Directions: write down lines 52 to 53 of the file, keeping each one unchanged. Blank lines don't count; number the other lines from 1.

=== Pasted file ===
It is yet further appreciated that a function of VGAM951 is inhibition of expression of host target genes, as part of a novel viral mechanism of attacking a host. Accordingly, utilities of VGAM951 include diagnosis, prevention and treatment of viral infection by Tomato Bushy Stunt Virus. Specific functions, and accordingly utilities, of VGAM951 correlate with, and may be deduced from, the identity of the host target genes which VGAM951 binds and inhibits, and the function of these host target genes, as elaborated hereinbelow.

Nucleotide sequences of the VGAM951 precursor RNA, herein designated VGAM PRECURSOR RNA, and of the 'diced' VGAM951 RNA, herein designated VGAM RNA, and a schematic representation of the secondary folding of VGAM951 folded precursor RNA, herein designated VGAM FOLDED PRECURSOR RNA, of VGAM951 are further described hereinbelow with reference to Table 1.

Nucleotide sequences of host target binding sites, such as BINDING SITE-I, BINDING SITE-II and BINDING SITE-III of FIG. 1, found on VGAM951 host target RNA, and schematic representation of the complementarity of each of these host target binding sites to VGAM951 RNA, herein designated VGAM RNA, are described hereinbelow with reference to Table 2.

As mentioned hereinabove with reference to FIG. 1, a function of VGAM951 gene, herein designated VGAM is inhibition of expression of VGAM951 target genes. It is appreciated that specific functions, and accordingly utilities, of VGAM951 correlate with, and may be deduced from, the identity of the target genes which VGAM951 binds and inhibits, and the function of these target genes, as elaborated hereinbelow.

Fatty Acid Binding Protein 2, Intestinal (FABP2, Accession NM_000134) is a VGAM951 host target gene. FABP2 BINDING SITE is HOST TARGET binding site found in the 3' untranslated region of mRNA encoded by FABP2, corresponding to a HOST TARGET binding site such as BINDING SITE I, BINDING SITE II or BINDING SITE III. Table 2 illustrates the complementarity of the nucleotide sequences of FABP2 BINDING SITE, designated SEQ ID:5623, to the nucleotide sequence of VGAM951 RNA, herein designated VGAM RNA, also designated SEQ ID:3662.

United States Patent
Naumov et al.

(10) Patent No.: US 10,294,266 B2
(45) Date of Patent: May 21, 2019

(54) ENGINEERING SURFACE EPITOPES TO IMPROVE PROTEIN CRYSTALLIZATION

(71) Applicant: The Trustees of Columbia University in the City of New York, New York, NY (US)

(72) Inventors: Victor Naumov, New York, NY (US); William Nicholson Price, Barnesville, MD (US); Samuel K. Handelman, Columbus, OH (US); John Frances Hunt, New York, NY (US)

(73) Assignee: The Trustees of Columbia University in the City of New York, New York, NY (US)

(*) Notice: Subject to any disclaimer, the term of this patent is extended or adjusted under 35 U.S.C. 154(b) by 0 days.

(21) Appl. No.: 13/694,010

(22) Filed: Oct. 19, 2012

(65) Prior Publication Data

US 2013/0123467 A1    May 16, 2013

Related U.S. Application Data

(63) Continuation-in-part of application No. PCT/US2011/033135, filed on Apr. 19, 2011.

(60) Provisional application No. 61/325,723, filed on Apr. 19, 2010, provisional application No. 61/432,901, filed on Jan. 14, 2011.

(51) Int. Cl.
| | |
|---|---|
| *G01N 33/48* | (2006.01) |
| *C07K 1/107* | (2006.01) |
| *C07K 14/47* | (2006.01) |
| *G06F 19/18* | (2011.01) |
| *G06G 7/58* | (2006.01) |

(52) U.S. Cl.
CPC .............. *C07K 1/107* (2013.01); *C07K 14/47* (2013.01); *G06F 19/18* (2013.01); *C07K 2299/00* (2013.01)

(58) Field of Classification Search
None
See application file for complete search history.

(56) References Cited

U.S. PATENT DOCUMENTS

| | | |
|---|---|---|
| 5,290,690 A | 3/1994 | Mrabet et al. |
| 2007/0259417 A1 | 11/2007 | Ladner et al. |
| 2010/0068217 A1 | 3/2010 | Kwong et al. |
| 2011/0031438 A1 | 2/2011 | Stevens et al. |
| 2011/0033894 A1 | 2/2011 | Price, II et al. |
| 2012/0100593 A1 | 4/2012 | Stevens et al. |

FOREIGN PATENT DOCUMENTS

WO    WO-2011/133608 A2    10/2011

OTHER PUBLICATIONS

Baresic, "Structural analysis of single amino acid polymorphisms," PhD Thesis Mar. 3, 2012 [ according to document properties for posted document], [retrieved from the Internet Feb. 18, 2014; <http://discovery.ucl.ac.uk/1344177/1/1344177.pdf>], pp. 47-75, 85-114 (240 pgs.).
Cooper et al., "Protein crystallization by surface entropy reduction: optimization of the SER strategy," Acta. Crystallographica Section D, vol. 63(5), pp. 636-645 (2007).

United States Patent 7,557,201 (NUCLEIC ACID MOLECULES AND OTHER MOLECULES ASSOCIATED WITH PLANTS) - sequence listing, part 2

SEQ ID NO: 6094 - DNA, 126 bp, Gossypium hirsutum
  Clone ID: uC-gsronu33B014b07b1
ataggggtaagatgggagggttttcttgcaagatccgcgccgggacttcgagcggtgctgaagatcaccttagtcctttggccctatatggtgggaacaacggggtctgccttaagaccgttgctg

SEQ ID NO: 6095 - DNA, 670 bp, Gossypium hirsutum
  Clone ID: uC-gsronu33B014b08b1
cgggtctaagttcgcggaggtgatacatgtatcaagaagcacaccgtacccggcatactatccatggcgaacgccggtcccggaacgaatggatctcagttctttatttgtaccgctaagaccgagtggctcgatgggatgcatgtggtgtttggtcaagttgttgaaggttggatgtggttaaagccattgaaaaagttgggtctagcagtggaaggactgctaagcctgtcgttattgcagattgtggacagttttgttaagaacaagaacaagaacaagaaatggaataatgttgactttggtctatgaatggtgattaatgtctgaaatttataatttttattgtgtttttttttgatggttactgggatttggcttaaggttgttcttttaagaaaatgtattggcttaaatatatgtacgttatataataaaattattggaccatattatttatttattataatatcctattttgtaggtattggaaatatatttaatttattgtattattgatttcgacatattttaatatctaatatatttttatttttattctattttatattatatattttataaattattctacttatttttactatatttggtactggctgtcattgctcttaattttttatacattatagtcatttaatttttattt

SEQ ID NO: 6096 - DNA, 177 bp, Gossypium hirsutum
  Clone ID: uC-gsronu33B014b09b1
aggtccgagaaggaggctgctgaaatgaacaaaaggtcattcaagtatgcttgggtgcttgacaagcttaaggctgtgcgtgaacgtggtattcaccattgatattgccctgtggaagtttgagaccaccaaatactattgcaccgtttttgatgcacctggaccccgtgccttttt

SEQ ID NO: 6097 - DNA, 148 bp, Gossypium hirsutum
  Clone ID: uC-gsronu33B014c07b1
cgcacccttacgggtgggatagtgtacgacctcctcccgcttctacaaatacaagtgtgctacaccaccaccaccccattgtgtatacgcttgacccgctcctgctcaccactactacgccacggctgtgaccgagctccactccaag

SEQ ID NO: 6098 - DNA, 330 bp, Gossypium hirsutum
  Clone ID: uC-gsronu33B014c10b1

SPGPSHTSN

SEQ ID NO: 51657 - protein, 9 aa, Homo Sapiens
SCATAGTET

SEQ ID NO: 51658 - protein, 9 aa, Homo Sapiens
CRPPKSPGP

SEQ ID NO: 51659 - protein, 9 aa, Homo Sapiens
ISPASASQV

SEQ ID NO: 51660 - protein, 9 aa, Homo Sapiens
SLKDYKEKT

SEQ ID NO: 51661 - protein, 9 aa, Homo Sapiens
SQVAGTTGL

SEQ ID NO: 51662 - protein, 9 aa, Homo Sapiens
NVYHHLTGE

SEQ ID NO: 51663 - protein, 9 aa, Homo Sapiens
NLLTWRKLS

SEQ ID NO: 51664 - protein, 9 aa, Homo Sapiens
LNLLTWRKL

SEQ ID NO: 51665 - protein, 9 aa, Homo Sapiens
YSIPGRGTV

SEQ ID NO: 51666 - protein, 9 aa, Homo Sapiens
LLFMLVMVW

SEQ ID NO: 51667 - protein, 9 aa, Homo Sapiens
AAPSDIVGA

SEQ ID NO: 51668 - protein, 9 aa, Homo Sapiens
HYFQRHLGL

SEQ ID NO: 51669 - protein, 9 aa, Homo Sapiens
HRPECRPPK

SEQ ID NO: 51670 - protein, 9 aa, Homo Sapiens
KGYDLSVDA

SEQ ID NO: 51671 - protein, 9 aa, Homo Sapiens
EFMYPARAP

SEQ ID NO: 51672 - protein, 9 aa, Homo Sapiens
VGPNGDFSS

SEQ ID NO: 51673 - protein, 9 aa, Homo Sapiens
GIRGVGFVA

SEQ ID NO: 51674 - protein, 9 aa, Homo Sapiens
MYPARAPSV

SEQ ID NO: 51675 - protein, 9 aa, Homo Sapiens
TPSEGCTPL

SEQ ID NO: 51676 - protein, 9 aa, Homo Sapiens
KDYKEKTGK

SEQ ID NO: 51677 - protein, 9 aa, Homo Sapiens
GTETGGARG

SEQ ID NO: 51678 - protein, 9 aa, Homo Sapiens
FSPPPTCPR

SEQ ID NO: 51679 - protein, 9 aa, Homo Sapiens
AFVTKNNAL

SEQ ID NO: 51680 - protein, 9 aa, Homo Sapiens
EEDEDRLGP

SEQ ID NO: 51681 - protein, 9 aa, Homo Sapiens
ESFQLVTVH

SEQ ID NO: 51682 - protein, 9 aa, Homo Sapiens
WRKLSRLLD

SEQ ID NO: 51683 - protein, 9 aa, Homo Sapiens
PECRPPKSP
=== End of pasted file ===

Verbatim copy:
  Clone ID: uC-gsronu33B014b07b1
ataggggtaagatgggagggttttcttgcaagatccgcgccgggacttcgagcggtgctgaagatcaccttagtcctttggccctatatggtgggaacaacggggtctgccttaagaccgttgctg